But by 2000, the music industry was singing a different tune. It ran into bad times, thanks to piracy, among other things. Sales dwindled to Rs 900 crore (Rs 9 billion) and have nose-dived again to around Rs 500 crore (Rs 5 billion).
Says Savio D Souza, IMI secretary general: "The levels of piracy have increased and so the pirated audio market today also is worth Rs 500 crore." As sales began to shrink, music companies became reluctant to pay a huge minimum guarantee as they did before.
Explains Kulmeet Makkar, vice president, sales and marketing, of the RPG group's Saregama India: "While music rights for movies like Karan Johar's Kabhi Khushi, Kabhi Gham commanded a rate of Rs 11 crore (Rs 110 million), today the prices have been slashed to a tenth of that."
Music companies claim that they are unfazed by the entry of film producers on their turf. They argue that small music labels won't survive in the long run. And if Bollywood's moguls are trying to sell music directly to the public, says Makkar, it's because minimum guarantees are down drastically.
Although Kumar of YRF says that the company has done extremely well, music companies demur. Sniffs Makkar: "Two million cassettes and CDs are small beer -- 10 million of them with music from Yash Raj Chopra's earlier Dil to Pagal Hai were sold."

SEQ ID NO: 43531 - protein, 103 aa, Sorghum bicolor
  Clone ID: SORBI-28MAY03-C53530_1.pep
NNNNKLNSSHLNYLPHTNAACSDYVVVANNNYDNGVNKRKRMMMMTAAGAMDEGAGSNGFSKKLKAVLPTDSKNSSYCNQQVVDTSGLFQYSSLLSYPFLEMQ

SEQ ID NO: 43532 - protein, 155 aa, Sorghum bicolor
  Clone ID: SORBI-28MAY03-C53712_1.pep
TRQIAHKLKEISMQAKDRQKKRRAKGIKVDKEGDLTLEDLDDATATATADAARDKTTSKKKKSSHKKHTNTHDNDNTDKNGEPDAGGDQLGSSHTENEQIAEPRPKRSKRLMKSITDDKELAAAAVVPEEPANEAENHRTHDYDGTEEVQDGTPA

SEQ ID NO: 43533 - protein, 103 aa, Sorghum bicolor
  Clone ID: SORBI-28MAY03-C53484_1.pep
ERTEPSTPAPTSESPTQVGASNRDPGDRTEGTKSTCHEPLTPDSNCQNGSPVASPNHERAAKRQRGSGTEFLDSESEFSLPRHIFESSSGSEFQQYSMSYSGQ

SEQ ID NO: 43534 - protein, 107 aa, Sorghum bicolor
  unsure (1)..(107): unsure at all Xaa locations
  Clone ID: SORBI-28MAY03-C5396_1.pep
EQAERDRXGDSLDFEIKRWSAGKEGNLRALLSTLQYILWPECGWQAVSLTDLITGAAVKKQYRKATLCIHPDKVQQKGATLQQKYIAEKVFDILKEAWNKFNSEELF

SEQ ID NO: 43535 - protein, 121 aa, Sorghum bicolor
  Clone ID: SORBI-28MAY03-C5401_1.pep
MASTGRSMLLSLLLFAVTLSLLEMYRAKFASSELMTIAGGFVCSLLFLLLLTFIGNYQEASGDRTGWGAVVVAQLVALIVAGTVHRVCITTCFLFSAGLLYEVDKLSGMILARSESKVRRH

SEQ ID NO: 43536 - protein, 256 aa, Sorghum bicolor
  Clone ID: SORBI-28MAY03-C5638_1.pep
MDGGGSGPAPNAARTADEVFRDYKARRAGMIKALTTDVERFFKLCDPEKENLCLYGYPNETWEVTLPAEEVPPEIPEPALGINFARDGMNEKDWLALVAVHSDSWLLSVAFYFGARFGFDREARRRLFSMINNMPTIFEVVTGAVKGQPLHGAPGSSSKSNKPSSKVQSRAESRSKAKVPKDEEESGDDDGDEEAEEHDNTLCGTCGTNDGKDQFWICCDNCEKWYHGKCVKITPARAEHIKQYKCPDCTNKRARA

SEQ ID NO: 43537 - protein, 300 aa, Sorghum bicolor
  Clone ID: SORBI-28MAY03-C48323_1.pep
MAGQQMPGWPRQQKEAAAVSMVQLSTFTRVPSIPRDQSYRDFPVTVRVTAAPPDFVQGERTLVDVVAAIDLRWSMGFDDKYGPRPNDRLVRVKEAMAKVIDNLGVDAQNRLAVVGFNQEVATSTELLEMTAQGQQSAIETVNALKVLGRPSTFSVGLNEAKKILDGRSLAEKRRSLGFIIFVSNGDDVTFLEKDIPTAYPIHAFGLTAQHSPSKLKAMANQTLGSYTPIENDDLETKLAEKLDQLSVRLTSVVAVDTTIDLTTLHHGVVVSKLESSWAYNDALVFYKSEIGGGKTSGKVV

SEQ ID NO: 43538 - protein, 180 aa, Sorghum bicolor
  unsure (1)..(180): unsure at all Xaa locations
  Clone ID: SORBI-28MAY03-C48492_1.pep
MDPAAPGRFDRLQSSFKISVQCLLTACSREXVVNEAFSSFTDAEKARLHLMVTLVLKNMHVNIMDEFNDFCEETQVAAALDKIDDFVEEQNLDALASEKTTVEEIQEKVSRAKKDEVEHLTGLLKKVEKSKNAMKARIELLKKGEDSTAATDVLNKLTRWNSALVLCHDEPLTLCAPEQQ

Secondly, the music business requires a wide distribution network, something the established music companies like T Series, Saregama and Sony-BMG have.
Film producers who have moved into the music industry are aware of this. And while some of them are starting from scratch, others are tying up with exiting networks.
So while Yash Raj Films has begun establishing a network, Mukta Arts has signed on Sony to distribute music from its latest film Kisna. Lazarus argues, somewhat self-servingly perhaps, that it's wiser for a film producer to tie up with a music company and access its distribution system.
Thirdly, music company executives underline the point that music companies offer listeners a wider variety of choice.
Yash Raj Music can bring to the market individual music titles -- a Saregama or T Series can offer music from two films at the same price or make a list of the best songs and sell the cassette -- the possibilities are endless.
That's why players are trying to promote not just their own labels but those of others as well. For instance, Yash Raj music has also chosen to distribute music from films made by other producers.
Still, new systems have cropped up in the music industry. Instead of offering film producers guarantees, it is offering to share revenue from royalty.
Saregama did just this for Mukesh Bhatt's film "Murder." It suggested an 80:20 royalty sharing. The music netted the film producers Rs 2 crore (Rs 20 million) in royalties. This, according to Makkar, is the way to go for the music industry if film music is to remain a viable business.For all the music industry's scepticism, Yash Raj Films, Mukta Arts and probably Sahara exude confidence that they'll flourish. More power to their elbow, we say.